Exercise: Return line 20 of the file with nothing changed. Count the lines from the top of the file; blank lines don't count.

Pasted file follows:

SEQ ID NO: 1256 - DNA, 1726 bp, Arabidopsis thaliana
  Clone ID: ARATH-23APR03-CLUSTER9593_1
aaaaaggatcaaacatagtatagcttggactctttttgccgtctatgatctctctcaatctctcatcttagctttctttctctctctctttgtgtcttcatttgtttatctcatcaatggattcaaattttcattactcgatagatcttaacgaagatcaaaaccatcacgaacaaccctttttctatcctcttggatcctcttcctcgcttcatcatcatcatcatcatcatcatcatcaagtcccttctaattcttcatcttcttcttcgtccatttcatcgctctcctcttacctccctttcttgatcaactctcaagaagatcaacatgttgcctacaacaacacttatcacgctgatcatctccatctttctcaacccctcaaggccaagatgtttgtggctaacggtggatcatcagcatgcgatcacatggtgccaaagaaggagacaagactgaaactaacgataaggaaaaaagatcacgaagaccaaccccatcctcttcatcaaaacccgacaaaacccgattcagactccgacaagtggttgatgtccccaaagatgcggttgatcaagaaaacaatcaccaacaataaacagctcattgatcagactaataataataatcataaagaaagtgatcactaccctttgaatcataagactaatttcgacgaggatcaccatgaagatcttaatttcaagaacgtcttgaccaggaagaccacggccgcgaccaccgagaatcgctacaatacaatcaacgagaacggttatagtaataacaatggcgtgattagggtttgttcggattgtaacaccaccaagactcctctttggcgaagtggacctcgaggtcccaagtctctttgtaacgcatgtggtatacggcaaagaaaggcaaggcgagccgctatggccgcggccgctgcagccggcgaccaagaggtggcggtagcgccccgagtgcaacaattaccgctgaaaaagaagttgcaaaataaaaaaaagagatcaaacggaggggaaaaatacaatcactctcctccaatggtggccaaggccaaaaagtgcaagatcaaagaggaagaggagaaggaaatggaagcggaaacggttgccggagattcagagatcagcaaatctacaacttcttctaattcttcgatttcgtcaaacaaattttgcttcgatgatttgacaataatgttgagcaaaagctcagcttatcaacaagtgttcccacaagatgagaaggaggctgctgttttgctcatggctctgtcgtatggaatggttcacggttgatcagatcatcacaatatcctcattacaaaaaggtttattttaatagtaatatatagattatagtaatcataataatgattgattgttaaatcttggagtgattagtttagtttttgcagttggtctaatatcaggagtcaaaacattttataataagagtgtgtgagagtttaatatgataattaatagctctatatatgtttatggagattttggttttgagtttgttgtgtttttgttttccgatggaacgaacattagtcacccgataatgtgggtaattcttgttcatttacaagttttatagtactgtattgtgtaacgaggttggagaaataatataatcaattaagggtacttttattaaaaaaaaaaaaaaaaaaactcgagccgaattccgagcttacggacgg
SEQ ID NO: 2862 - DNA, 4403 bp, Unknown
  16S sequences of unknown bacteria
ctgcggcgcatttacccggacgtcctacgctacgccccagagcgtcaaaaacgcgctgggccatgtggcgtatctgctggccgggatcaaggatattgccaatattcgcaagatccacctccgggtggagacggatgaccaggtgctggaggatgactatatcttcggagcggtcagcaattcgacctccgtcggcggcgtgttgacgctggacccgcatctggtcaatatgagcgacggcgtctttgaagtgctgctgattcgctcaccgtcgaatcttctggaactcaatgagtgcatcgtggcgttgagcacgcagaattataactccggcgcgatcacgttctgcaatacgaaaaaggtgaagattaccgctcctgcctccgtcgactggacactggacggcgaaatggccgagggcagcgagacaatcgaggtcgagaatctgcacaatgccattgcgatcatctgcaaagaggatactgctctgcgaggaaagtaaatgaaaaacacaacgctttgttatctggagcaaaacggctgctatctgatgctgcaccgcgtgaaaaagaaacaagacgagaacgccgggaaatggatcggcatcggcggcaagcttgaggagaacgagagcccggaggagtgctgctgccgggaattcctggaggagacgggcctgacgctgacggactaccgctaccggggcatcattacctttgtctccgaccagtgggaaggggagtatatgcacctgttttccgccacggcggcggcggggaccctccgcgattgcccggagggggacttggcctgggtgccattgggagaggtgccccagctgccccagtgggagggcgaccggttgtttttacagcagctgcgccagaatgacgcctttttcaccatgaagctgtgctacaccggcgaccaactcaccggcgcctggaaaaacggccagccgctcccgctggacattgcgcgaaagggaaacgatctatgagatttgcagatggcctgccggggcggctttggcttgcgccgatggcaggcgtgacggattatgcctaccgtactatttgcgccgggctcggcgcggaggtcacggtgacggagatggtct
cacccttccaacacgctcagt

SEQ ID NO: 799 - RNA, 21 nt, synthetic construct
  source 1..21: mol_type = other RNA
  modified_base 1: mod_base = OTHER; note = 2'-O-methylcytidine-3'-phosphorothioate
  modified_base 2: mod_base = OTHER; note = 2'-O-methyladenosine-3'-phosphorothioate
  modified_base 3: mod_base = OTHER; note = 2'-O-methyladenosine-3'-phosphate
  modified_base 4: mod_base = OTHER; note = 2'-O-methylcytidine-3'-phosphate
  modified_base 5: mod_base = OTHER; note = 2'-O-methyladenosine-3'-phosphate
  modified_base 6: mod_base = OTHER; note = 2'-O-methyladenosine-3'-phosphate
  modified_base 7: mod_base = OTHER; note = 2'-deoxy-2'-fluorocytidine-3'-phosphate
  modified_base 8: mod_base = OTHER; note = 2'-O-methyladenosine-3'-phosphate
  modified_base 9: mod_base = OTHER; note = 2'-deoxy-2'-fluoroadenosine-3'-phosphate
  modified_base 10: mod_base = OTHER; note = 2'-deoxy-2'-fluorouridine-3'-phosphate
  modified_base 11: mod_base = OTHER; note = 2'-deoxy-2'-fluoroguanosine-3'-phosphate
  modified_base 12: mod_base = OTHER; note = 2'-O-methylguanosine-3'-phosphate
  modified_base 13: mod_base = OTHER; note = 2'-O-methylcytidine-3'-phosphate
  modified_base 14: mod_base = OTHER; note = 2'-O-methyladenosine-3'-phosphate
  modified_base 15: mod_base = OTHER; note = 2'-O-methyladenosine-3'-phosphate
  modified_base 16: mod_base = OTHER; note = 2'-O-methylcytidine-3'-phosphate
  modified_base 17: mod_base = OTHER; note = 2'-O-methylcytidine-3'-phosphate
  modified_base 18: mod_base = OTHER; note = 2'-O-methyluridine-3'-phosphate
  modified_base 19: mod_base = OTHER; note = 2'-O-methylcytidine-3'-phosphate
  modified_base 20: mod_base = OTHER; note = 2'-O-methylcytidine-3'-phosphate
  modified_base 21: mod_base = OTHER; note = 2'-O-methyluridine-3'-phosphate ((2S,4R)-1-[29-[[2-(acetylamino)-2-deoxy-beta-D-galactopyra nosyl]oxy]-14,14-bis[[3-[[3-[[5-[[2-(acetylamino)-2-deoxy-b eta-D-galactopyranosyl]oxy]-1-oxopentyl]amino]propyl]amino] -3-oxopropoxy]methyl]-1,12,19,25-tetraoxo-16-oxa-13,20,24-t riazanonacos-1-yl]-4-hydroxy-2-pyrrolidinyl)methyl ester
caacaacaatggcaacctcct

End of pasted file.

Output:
  modified_base 11: mod_base = OTHER; note = 2'-deoxy-2'-fluoroguanosine-3'-phosphate